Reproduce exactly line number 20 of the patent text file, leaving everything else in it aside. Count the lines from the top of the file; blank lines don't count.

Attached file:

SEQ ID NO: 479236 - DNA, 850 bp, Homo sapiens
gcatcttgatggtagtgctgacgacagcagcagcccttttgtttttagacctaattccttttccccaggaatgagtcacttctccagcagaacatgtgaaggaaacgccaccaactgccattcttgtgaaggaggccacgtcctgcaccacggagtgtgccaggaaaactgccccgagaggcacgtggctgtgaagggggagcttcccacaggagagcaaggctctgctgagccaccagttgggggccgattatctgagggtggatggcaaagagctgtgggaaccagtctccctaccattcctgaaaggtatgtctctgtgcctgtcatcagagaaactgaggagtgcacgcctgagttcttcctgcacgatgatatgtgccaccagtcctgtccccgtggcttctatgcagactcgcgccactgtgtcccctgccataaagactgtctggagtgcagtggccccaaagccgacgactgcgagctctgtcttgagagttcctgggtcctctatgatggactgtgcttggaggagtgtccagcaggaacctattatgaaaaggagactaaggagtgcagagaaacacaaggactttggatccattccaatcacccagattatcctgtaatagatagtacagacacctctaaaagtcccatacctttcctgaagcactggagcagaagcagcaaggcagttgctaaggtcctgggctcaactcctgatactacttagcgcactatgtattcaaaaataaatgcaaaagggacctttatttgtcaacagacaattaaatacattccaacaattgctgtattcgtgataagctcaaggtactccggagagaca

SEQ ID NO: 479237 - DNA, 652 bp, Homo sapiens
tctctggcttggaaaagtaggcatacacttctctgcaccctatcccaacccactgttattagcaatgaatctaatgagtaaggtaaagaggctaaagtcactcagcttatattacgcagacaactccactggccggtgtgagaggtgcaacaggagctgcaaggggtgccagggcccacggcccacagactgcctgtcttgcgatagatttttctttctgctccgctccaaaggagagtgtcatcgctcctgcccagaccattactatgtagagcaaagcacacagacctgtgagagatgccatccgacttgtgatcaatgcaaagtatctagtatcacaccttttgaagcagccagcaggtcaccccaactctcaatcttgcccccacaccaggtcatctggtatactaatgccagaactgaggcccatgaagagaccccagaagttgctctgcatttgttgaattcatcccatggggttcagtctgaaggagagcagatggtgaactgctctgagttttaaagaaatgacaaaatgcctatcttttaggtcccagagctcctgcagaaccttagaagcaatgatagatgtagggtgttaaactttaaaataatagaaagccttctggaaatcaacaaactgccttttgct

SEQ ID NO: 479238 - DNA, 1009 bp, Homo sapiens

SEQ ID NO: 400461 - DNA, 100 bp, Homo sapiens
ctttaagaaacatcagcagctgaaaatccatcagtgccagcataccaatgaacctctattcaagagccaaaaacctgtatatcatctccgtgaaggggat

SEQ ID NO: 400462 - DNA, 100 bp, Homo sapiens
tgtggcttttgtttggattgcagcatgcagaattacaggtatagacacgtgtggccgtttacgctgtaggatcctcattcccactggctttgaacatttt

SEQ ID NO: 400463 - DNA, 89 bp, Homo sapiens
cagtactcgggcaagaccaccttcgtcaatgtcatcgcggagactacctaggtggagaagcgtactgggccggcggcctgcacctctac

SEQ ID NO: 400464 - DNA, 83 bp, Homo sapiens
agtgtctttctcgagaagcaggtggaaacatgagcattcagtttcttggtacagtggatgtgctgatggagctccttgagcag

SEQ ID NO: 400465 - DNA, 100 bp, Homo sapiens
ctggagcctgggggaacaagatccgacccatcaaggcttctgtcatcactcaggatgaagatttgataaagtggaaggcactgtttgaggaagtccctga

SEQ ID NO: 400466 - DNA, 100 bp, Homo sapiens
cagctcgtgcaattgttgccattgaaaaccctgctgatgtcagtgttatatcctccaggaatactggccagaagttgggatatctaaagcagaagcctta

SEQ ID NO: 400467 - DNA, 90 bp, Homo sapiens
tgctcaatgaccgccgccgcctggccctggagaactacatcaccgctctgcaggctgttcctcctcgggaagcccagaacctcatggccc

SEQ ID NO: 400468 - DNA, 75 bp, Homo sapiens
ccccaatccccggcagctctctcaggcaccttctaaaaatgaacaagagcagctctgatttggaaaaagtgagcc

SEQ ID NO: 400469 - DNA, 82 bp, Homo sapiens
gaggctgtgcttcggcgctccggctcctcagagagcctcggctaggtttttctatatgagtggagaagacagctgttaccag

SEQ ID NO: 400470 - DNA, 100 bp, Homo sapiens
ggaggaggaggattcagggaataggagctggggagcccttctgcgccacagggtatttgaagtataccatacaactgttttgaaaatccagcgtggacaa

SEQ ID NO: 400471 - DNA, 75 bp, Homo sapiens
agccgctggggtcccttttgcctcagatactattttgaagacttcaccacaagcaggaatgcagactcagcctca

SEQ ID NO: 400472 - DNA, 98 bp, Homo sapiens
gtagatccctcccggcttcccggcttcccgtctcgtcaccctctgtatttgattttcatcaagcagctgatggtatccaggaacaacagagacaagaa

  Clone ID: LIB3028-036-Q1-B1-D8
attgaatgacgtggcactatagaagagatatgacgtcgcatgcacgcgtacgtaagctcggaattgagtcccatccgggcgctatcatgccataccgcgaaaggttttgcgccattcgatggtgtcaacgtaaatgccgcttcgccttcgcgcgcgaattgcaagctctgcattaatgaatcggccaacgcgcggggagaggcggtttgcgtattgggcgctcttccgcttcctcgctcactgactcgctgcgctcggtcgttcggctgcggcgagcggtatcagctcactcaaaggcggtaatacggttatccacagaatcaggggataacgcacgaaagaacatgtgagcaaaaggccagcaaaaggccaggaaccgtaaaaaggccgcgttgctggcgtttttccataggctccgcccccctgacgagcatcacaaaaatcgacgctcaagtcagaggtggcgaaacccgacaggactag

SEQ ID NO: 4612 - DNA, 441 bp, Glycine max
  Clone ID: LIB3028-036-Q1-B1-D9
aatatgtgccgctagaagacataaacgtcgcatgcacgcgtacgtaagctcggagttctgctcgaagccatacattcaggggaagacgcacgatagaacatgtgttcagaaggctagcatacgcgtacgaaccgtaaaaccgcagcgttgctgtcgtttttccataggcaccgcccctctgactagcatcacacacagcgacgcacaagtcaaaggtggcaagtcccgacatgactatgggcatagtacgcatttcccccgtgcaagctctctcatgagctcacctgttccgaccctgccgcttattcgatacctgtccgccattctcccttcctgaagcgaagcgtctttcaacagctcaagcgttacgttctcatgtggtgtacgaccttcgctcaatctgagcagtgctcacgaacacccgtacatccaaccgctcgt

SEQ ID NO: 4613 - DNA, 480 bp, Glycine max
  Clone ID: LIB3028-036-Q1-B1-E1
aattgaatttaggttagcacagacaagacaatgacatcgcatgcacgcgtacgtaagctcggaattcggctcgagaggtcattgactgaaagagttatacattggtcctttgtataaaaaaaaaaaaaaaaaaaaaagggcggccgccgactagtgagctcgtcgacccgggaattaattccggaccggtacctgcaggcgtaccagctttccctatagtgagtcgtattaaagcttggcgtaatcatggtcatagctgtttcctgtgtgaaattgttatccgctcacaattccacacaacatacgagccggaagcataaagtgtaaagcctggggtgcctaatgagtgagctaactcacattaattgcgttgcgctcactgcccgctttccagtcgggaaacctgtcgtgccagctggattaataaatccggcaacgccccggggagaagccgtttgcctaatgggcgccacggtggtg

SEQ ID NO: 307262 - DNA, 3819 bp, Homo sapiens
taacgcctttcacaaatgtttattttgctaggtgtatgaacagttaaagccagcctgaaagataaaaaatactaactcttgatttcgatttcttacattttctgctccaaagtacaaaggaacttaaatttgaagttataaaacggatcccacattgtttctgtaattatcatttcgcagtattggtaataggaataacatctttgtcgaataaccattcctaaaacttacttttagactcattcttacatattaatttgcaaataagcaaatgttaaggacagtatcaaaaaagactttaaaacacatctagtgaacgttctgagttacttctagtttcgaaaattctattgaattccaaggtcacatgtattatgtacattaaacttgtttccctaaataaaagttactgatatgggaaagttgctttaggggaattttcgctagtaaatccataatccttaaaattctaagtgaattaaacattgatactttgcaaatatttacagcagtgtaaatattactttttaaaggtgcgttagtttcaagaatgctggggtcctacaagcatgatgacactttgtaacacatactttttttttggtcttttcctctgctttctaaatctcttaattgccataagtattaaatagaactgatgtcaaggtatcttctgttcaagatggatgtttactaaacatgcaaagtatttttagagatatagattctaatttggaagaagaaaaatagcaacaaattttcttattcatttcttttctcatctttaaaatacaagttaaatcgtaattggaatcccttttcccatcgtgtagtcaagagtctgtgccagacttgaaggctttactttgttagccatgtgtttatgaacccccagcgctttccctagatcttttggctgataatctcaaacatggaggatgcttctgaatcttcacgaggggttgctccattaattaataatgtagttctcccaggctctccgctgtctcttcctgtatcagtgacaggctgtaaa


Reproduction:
SEQ ID NO: 400468 - DNA, 75 bp, Homo sapiens